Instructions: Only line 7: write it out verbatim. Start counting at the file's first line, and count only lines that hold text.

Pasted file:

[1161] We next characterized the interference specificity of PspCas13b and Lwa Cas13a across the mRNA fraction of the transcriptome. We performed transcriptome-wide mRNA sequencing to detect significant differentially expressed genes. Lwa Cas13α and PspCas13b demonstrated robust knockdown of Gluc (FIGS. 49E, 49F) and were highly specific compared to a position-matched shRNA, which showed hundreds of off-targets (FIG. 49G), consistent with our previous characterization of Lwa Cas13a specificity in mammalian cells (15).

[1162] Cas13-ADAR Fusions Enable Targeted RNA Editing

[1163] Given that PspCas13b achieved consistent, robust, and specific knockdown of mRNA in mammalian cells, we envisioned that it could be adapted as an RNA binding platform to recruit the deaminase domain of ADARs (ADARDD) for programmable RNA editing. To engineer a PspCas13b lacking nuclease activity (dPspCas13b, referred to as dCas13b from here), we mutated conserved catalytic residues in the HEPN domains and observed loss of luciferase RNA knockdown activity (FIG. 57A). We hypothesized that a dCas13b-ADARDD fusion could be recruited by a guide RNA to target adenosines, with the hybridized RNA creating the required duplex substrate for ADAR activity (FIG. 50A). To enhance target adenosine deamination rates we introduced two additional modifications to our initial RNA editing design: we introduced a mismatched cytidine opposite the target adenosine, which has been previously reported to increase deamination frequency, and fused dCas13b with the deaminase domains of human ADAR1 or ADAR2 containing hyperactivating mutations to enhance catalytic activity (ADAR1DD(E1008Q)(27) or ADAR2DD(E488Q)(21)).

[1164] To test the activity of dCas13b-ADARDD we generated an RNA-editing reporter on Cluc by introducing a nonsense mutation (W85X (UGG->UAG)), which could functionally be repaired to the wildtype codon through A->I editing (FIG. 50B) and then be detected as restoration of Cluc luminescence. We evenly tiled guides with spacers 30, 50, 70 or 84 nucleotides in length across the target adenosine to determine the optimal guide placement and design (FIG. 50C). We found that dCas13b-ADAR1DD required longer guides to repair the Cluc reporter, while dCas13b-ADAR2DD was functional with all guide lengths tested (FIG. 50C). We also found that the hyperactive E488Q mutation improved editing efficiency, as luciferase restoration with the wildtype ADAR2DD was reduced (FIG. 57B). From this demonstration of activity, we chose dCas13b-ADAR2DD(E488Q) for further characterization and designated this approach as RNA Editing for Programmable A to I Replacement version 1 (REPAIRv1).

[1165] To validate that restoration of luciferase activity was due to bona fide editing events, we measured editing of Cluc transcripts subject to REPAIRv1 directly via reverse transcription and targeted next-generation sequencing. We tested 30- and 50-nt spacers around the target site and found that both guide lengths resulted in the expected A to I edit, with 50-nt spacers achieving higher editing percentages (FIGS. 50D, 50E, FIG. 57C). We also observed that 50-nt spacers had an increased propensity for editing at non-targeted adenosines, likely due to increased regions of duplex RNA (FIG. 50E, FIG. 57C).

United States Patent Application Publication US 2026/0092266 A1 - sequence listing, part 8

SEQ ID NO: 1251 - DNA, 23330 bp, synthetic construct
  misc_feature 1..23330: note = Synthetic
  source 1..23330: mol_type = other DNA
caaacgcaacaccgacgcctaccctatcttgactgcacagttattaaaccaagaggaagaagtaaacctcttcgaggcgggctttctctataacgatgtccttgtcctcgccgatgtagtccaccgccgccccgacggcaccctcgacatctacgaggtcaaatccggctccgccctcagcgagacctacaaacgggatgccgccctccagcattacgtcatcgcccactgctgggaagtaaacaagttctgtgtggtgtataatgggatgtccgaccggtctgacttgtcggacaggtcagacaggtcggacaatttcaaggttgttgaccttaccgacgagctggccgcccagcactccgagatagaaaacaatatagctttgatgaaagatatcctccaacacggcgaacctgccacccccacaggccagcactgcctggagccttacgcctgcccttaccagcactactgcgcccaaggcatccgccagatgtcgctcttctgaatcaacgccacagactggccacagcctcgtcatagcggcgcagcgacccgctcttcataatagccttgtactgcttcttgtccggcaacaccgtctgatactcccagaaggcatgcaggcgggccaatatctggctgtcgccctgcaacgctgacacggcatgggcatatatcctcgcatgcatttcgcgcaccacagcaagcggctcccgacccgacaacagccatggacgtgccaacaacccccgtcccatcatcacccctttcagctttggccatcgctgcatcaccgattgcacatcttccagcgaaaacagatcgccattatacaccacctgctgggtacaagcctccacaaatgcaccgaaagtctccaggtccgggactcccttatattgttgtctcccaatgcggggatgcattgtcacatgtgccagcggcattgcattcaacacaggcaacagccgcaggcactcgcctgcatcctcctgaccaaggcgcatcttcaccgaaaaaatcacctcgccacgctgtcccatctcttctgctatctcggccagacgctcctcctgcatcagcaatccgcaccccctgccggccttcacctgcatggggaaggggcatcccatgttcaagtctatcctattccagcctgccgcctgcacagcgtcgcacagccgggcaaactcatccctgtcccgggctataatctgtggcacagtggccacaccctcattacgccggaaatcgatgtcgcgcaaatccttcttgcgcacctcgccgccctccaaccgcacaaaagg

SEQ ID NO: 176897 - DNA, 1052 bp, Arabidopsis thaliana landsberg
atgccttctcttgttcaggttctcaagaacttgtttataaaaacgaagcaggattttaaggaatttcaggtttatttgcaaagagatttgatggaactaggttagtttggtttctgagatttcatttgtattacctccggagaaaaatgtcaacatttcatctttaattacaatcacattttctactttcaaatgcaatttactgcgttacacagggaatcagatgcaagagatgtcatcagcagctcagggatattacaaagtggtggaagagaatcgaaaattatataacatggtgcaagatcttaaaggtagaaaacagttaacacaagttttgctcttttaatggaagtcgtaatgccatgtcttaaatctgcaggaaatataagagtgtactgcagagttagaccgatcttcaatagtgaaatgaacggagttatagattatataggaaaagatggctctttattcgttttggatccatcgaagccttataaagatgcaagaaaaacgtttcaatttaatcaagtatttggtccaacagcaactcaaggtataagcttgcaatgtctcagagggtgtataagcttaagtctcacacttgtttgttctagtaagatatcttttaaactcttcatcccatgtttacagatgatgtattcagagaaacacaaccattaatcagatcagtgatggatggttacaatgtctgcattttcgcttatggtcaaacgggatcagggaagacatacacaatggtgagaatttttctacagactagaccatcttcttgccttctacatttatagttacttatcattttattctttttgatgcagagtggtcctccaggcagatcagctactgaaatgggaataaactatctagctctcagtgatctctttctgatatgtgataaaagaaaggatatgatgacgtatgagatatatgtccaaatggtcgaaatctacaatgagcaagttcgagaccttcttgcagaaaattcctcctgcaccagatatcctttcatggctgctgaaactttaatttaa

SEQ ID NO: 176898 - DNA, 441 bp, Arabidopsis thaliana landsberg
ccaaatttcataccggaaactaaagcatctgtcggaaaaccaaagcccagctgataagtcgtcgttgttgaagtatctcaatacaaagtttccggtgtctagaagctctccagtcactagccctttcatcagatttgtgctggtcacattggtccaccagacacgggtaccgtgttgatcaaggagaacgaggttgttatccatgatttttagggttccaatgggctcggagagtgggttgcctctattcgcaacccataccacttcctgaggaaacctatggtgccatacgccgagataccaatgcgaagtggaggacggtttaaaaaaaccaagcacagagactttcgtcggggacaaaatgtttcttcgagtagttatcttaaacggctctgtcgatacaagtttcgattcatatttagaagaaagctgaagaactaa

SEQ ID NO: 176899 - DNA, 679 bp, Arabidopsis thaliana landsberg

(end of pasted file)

SEQ ID NO: 1251 - DNA, 23330 bp, synthetic construct